Over the last month or so, there has been a growing list of conspiracy theories circling the internet: Obama funded a Wuhan chemical lab to start a bio-war, Bill Gates is behind the spread of COVID-19 so he can make billions off vaccines, and COVID-19 isn’t real.
This virus has become politicized, and like anything that is politicized, it’s become divisive. Protests are increasing in the U.S. and Canada, and just a few days ago thousands of people in Michigan protested against shelter-in-place. People were wearing hazmat suits and masks despite protesting against a virus they don’t believe in, and the irony is at the very least giggle worthy. And while many people (and news outlets) are currently labeling these people insane or uneducated, I know that’s probably not true. What I do know though, is there is a problematic lack of empathy.
I have empathy for the nurses and hospital staff, and can’t imagine how awful it must be to work an excruciating and exhausting 16-hour shift, only to be greeted by protesters outside.
I have empathy for the protesters*, many of whom are protesting out of fear and anger for the inability to provide for their families. Others are experiencing what it’s like to have the government control your body, and have their privileges challenged for the very first time.
I have empathy for the people who believe conspiracy theories. Many feel disenfranchised, and believe neither the government nor corporations provide even a sprinkle of truth.
I have empathy for those who hate conspiracy theories, and think that by spreading them, it discounts the reality that the sick and their loved ones are facing.
We collectively now live in a place of uncertainty, and we’re all doing what we think is best to make sense of our experiences. History has proven to us that the need to blame someone, something, only increases in moments of global chaos.
My concern is how divisive these conversations have been, and I hope we allow more room for the grey areas in these complicated matters—creating room to explore very valid concerns.
I can believe COVID-19 to be a real threat, while also questioning the intent of men in power, even ones who are deemed humanitarians. I can fear for the safety of those most vulnerable in our communities, while also believing that pharmaceutical companies, and even most governments, don’t care about the wellbeing of its people.
Do I believe there to be some truth in some of the conspiracy theories out there? Maybe. But that doesn’t change the fact that people are losing their jobs, their lives, and our collective mental and physical health are under attack.
My ask is that we aren’t forced to pick one side, that we can live in the grey. I hope we come together and choose empathy. Speak from a kinder place, especially when we disagree.
So in the effort to have a *respectful* conversation, I’d love to know your thoughts.
What do you think about COVID-19 conspiracy theories?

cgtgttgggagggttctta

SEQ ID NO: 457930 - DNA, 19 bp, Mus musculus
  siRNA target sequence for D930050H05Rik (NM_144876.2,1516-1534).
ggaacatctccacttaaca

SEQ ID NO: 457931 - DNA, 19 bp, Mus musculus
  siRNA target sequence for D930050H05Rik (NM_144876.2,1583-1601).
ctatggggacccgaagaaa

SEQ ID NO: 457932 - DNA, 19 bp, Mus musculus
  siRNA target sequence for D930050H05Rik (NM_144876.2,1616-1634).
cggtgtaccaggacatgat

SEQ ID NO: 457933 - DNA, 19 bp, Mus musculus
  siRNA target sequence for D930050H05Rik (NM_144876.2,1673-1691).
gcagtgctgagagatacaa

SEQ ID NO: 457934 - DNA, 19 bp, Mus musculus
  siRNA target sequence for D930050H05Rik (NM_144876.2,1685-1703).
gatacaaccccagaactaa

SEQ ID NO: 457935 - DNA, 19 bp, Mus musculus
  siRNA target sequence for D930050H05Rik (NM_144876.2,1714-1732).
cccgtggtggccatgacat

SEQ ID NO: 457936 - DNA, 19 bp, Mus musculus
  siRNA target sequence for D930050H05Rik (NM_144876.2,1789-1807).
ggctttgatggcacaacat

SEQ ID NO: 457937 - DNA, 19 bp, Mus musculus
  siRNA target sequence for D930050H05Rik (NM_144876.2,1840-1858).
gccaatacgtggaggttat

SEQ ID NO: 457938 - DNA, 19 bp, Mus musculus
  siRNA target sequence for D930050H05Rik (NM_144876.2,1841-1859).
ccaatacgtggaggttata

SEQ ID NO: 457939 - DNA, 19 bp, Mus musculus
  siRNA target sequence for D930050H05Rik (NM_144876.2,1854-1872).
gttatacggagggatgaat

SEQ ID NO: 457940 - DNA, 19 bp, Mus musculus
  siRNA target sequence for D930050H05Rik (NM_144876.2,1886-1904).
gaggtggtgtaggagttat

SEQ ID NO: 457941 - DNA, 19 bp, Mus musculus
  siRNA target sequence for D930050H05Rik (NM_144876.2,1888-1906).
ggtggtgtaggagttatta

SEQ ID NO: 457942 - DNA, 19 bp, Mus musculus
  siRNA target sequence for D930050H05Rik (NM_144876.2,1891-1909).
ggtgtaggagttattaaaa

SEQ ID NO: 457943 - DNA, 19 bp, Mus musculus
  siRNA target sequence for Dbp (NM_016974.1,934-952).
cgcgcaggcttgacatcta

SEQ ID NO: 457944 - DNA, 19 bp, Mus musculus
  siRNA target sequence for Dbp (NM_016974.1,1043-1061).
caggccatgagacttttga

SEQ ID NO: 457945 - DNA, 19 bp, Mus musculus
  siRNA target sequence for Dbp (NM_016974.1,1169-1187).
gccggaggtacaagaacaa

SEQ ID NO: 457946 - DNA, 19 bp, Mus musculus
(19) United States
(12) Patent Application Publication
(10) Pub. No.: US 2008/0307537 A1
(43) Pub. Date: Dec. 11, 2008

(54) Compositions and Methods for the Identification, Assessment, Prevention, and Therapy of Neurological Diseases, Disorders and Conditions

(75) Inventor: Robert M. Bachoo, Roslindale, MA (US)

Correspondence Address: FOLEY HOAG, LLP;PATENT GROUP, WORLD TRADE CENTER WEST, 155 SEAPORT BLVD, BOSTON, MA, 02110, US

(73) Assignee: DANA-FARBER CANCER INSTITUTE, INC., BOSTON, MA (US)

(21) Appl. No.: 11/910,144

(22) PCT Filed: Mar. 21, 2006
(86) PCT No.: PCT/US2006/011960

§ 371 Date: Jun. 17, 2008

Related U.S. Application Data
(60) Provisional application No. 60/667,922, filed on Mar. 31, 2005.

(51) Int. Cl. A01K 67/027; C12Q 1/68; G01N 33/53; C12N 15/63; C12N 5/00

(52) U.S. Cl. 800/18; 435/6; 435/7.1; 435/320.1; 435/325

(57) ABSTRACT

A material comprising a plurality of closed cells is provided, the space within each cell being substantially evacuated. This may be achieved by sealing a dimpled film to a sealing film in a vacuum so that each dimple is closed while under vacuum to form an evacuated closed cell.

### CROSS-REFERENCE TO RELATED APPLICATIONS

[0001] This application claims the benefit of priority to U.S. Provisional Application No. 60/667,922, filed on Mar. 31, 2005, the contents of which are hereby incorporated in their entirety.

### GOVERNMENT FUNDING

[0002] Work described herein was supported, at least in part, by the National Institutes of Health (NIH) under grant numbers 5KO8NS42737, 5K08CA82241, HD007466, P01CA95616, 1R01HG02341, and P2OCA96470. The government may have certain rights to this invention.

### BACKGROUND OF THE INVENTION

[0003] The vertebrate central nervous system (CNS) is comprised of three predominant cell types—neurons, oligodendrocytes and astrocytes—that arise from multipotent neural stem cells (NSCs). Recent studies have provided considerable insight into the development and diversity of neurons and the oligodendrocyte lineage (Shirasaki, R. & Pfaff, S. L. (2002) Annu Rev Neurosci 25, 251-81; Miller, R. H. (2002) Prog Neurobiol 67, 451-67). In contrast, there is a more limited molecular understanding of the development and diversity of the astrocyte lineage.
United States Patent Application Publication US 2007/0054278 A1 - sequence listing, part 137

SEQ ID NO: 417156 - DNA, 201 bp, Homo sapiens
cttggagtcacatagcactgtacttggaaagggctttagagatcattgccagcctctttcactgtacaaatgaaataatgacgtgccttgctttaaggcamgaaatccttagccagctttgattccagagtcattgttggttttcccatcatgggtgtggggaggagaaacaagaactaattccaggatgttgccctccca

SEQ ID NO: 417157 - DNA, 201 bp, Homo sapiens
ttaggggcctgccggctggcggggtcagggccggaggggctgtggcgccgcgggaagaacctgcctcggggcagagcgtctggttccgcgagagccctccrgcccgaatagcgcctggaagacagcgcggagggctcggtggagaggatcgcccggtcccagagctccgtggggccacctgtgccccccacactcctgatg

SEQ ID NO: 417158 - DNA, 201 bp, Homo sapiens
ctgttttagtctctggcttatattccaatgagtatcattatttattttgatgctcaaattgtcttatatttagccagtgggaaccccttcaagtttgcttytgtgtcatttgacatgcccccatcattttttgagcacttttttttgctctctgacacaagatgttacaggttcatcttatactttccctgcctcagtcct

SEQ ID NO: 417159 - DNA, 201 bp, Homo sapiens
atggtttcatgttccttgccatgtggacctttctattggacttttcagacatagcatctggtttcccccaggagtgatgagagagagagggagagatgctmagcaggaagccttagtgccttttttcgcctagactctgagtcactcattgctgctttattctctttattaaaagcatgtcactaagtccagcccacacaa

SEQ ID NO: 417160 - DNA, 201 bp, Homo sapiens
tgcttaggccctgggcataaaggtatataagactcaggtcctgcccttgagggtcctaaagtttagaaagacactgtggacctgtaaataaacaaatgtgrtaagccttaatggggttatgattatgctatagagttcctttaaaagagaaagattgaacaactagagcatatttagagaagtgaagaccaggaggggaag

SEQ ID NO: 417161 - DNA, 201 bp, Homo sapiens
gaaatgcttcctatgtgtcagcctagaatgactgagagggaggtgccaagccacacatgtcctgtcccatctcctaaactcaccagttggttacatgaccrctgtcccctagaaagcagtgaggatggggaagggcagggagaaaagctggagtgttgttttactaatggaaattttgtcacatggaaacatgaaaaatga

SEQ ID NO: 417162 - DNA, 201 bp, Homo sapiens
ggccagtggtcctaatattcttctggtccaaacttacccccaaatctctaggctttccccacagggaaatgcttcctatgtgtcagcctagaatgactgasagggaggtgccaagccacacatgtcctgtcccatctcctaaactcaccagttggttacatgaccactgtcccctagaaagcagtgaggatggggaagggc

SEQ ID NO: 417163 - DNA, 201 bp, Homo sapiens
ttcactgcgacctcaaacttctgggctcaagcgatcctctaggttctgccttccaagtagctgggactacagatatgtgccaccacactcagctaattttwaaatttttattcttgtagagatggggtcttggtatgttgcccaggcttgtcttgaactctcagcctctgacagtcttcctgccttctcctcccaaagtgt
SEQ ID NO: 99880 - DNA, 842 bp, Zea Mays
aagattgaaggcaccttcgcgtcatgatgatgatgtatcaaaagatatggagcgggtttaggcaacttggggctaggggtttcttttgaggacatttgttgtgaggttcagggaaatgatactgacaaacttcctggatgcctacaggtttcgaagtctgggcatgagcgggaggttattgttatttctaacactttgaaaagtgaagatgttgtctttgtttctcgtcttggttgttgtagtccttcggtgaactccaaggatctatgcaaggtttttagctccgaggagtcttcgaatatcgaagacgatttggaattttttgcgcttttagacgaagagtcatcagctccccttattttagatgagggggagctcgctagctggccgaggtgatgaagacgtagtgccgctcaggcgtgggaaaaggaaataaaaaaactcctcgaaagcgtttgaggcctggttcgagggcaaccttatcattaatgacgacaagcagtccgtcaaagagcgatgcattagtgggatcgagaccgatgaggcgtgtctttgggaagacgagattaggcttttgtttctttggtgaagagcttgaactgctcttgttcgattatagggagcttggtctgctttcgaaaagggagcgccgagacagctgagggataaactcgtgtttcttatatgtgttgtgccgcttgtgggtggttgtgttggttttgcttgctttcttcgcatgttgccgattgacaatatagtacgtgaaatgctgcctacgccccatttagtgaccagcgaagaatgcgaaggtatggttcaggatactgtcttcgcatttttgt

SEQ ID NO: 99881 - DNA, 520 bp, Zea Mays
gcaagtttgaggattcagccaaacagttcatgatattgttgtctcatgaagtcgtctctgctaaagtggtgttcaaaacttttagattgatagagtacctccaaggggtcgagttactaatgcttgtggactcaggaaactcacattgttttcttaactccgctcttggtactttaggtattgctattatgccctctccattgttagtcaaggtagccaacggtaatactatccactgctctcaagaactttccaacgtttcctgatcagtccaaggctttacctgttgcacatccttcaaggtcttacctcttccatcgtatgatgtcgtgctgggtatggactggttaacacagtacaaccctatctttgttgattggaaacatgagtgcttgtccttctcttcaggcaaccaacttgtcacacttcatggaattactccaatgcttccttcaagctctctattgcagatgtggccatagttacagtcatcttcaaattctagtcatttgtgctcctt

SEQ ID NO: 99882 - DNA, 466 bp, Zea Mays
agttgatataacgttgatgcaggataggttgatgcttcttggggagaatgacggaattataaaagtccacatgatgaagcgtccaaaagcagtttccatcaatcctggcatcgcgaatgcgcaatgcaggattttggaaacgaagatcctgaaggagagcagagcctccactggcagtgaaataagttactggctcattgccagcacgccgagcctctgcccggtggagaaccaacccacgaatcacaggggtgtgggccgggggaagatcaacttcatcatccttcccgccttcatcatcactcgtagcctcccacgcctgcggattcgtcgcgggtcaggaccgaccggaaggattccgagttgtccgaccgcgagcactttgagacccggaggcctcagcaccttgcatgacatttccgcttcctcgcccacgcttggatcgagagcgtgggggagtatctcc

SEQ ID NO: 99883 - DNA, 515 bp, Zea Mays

Yesterday, I wrote a post about empathy in the context of the recent protests, and incorrectly I made it sound as though I was asking for empathy towards protesters. That was not my intention whatsoever, and I want to start off by apologizing to anyone who was potentially triggered. My intention was to suggest empathy to our global collective, not towards these people, not especially to those protesting because they want a haircut or ice cream. My sincerest apologies that my caption wasn’t worded in the way I meant it.
Privilege is a huge part of this conversation, and one I failed to properly acknowledge yesterday. White people can take a stand with assault riffles while covering their faces, while people of color need to ensure they *peacefully* protest to protect their own lives.
I’d like to think that one day those protesting will wake up to their whiteness and privilege. That they’ll see how ironic their “My body, my choice” signs are, as they continue to stand behind dangerous pro-life policies, while upholding the patriarchy’s control over women’s bodies. Protesters who are demanding higher stimulus checks maybe one day will learn to not vote to have welfare abolished. People against government controlling their lives, will acknowledge how millions of people of color are controlled by the government. Folks for the first time, are experiencing a reality that is the reality for most Americans.
Empathy isn’t the solution in this case, but rather a need for a larger conversation around privilege.
My hope is that the people remember these sentiments, these feelings, these fears that so many Americans feel day after day, year after year, decade after decade.
That they can learn to extend empathy.
What I realized yesterday, is that my own privilege guided my thoughts on empathy. As one of our writer’s @juliachildsheyl so beautifully communicated in her comment on the post yesterday, “Perhaps the oppressor doesn’t deserve our empathy.”